All of the hype you’ve ever heard about UCLA quarterback Josh Rosen was justified on Sunday night.
Rosen’s Bruins were nearly run out of the building against Texas A&M in the first half. UCLA trailed 38-10 at halftime and were thoroughly outplayed in all facets of the game. That deficit grew to 44-10 with 4:08 left in the third quarter.
And then something remarkable happened.
Rosen led his Bruins all the way back — yes, all the way back — to a ridiculous, dramatic 45-44 victory at the Rose Bowl.
And to top off all of the ridiculousness, Rosen threw the winning touchdown by channeling his inner Dan Marino with a fake spike.
The Bruins had first and goal from the 10-yard line with 48 seconds to go and no timeouts, so Rosen would just spike the ball to allow his team to catch its collective breath, right? Nope.
Rosen faked the spike, looked left and lobbed a perfect pass to the back left corner of the end zone to Jordan Lasley, who corralled it for the game-tying score. Kicker J.J. Molson then capped off the miraculous comeback by drilling the extra point.
A&M, with true freshman Kellen Mond in at quarterback for the injured Nick Starkel, took over with under 40 seconds to play and went nowhere. The Bruins defense that gave up an embarrassing 286 rushing yards in the first half held strong, sealing the victory for the Bruins.
For a team that had a horrendous 4-8 record — much of it without Rosen due to a shoulder injury — in 2016 that left coach Jim Mora firmly on the hot seat (calls for Mora’s job were all over Twitter during the first three quarters), the comeback was a triumphant way to begin the 2017 campaign.
After completing only 9-of-23 passes for 114 yards in the first half, Rosen finished the game 35-of-58 for 491 yards and four touchdowns — all in the fourth quarter. Most of the Bruins’ comeback took place in that final quarter.
A&M’s lead grew to its largest figure — 34 points — at the 4:08 mark of the third quarter. On the previous drive, Starkel led the Aggies deep into UCLA territory, but suffered a lower leg injury on a third down sack.
Starkel’s injury put Mond in the game full-time, not just as a change-of-pace rushing threat at quarterback. UCLA had already made adjustments to key in on A&M’s rushing attack, but with Mond presenting virtually no threat through the air, the A&M offense sputtered.
After the field goal at the 4:08 mark, A&M punted twice. In the interim, Rosen led touchdown drives of 75, 85 and 96 yards. The latter two drives ended with touchdown passes from Rosen to Darren Andrews, who had 12 catches for 142 yards in the game.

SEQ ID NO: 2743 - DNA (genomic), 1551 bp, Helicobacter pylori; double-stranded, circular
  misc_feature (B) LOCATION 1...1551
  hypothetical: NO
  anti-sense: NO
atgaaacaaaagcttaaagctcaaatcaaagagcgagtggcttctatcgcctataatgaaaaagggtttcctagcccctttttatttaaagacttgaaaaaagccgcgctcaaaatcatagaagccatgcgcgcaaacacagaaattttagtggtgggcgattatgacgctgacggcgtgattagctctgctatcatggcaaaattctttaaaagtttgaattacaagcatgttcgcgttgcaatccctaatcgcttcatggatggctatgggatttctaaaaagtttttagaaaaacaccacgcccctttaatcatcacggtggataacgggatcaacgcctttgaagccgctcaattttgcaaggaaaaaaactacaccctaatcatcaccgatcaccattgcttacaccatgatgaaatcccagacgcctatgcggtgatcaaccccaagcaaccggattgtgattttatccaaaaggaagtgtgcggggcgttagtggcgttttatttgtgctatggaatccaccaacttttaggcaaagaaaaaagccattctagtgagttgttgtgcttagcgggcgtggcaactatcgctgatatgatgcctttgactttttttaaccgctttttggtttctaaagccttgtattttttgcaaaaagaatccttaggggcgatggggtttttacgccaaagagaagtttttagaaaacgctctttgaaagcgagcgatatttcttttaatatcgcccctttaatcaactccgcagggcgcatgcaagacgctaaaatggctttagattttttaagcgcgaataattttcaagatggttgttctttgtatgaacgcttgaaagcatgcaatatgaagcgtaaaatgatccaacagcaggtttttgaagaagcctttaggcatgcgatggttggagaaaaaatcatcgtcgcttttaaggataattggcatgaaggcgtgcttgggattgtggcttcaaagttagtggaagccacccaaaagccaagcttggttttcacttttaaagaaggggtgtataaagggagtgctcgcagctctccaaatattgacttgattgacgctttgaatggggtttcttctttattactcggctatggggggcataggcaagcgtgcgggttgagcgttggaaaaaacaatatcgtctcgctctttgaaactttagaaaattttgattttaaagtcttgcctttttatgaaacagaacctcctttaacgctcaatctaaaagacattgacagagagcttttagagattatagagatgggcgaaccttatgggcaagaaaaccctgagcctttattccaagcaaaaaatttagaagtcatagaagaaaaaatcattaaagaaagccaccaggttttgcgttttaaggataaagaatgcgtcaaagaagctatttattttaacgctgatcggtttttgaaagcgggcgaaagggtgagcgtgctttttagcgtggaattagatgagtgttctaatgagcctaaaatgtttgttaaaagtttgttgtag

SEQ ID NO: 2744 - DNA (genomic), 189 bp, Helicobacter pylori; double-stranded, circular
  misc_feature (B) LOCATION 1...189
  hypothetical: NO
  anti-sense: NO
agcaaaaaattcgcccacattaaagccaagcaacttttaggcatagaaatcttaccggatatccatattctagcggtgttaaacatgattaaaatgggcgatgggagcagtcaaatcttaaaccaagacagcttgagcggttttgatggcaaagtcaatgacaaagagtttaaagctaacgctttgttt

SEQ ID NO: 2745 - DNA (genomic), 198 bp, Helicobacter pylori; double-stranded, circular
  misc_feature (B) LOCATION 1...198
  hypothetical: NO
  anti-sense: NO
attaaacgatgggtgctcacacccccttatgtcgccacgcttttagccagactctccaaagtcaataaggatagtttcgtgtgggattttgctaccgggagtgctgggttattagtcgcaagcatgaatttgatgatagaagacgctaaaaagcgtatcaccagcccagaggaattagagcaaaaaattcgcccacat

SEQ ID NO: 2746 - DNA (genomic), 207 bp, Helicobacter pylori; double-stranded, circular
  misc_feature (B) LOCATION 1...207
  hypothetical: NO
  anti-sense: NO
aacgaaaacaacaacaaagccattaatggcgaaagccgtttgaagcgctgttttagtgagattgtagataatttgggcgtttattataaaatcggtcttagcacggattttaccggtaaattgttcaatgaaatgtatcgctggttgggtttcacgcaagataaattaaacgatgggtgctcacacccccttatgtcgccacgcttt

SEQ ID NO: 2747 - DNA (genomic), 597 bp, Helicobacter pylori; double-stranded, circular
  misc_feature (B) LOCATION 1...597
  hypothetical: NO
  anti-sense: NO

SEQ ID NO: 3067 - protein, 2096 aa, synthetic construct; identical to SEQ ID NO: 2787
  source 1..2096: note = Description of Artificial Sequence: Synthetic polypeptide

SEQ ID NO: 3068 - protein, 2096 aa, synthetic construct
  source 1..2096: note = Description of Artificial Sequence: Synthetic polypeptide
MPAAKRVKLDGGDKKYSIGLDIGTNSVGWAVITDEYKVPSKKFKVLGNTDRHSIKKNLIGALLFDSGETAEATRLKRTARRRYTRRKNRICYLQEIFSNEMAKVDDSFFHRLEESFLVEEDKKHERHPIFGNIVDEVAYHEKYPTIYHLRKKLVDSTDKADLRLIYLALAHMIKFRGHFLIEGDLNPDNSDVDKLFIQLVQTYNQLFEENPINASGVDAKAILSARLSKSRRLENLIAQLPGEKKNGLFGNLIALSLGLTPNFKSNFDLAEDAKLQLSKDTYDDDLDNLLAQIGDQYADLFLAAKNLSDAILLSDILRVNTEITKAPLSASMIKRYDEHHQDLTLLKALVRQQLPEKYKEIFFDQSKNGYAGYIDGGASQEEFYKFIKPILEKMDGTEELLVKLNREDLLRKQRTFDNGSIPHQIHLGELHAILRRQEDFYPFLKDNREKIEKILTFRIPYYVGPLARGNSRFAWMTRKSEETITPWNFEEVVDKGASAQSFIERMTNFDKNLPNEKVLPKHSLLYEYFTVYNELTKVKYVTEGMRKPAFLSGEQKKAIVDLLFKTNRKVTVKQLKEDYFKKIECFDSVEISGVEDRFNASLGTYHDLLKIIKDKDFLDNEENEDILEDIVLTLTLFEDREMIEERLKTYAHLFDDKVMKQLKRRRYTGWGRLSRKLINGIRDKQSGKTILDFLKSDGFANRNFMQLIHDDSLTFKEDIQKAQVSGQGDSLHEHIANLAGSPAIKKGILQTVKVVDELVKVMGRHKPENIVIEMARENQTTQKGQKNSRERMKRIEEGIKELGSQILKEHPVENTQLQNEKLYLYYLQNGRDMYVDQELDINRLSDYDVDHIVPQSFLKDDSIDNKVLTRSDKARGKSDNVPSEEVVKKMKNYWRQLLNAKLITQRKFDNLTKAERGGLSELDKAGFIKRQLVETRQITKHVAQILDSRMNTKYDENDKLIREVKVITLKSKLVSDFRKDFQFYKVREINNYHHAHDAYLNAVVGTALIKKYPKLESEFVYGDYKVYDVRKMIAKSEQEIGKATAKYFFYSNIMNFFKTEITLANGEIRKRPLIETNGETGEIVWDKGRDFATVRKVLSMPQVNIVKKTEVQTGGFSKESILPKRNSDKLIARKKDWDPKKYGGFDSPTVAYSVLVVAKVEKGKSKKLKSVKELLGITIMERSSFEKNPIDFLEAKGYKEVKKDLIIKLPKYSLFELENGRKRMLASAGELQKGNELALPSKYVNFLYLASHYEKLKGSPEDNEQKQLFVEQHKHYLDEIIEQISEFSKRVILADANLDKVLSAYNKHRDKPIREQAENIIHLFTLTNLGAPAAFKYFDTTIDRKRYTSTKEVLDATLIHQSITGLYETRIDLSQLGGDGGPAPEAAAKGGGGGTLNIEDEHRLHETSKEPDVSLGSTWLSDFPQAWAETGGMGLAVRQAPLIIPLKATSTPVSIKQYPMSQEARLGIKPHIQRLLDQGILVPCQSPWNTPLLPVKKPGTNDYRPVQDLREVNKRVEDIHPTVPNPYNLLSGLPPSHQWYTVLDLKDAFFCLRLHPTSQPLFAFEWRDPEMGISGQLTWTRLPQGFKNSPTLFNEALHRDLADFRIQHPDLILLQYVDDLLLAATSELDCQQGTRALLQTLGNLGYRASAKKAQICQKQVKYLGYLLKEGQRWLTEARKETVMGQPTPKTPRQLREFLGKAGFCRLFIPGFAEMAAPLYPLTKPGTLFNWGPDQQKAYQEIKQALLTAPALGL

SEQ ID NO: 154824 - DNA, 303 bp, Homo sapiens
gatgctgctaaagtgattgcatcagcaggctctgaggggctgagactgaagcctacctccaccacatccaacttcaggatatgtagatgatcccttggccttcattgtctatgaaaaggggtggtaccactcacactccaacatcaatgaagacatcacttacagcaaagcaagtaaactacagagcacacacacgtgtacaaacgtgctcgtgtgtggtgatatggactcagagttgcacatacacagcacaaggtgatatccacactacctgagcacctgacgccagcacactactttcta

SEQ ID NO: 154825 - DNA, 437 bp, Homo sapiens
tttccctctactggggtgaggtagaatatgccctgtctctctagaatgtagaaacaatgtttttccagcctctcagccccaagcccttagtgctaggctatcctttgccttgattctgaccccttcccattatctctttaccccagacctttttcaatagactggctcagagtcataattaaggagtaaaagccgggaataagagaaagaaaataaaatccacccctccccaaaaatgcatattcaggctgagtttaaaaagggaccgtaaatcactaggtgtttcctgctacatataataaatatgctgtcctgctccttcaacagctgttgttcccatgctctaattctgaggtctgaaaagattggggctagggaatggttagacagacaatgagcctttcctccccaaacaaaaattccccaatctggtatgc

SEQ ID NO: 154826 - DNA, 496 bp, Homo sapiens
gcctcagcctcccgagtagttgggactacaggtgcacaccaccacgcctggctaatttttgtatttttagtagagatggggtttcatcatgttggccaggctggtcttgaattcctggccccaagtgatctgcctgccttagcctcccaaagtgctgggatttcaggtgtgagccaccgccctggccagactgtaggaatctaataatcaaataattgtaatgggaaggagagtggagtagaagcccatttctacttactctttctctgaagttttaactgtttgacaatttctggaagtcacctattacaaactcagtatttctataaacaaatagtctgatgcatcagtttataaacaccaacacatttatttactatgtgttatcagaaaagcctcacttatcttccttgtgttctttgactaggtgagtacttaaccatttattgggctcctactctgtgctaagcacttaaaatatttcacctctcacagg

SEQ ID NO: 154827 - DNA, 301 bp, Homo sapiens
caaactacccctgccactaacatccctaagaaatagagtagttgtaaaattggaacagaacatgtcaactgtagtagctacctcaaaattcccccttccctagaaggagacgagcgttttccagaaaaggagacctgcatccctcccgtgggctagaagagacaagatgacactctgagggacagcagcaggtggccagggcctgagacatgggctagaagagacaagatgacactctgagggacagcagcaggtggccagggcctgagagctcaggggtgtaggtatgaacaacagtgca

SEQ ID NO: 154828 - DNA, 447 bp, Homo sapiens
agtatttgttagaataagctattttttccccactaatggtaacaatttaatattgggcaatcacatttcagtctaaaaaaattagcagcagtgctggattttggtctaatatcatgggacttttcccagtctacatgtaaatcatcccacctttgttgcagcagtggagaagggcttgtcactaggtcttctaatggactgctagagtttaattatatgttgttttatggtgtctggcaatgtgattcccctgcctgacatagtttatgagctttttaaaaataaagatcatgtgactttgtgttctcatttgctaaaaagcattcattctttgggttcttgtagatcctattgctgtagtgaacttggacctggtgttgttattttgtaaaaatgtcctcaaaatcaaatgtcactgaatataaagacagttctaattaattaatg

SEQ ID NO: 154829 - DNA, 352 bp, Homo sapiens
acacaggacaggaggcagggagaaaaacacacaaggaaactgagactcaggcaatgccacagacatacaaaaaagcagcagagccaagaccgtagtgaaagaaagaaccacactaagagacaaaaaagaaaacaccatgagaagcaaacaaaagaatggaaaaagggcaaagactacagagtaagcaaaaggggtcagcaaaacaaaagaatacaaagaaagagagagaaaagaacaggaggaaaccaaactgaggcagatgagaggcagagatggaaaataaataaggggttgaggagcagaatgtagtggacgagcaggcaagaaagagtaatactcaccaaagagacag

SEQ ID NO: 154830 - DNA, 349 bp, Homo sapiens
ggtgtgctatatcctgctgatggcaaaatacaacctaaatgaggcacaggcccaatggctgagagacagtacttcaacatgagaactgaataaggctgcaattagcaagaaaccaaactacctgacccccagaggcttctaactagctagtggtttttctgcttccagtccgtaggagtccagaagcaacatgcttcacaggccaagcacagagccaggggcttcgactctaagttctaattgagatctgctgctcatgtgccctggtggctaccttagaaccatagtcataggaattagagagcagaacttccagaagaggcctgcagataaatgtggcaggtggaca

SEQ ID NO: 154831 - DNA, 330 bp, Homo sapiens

The second TD pass to Andrews, which cut the lead to 44-31 with 8:12 left, involved a whole lot of luck. Rosen threw the ball right into the hands of A&M’s Deshawn Capers-Smith, but he somehow missed it and the ball bounced right to Andrews for a 42-yard touchdown.
On its next drive, A&M was finally able to move the ball some. Mond, who finished 3-of-17 for 27 yards throwing, finally was able to complete a pass to Christian Kirk for a 15-yard gain before breaking off a few nice runs. One of his runs nearly resulted in a touchdown.
Mond ran right and got around the corner, tip-toeing the sideline into the end zone. However, he was correctly ruled out of bounds at the 22. A few plays later, A&M had to settle for a 43-yard Braden Mann field goal attempt. Mann was in the game for an injured Daniel LaCamera, who was 3-for-3 on field goals on the night, and his field goal was partially blocked and fell short.
Six plays and just 1:31 later, the Bruins were back in the end zone. This one was on a wacky play where Rosen scrambled left and threw off his back foot, somehow finding Theo Howard for a 16-yard score, cutting the lead to 44-38.
At this point, the momentum was overwhelmingly with UCLA. The crowd was roaring and the defense quickly forced A&M to go three-and-out, putting the ball back in Rosen’s hands with 2:32 to play.
UCLA moved deep into A&M territory without much resistance, until the Bruins were faced with a fourth-and-six at the 20-yard-line with 48 seconds to go. This time, with the blitz coming, Rosen calmly dumped the ball off to running back Soso Jamabo for a 10-yard gain and a crucial first down.
That set up for the Rosen-to-Lasley heroics on the very next play, capping off one of the most improbable comebacks in college football history.
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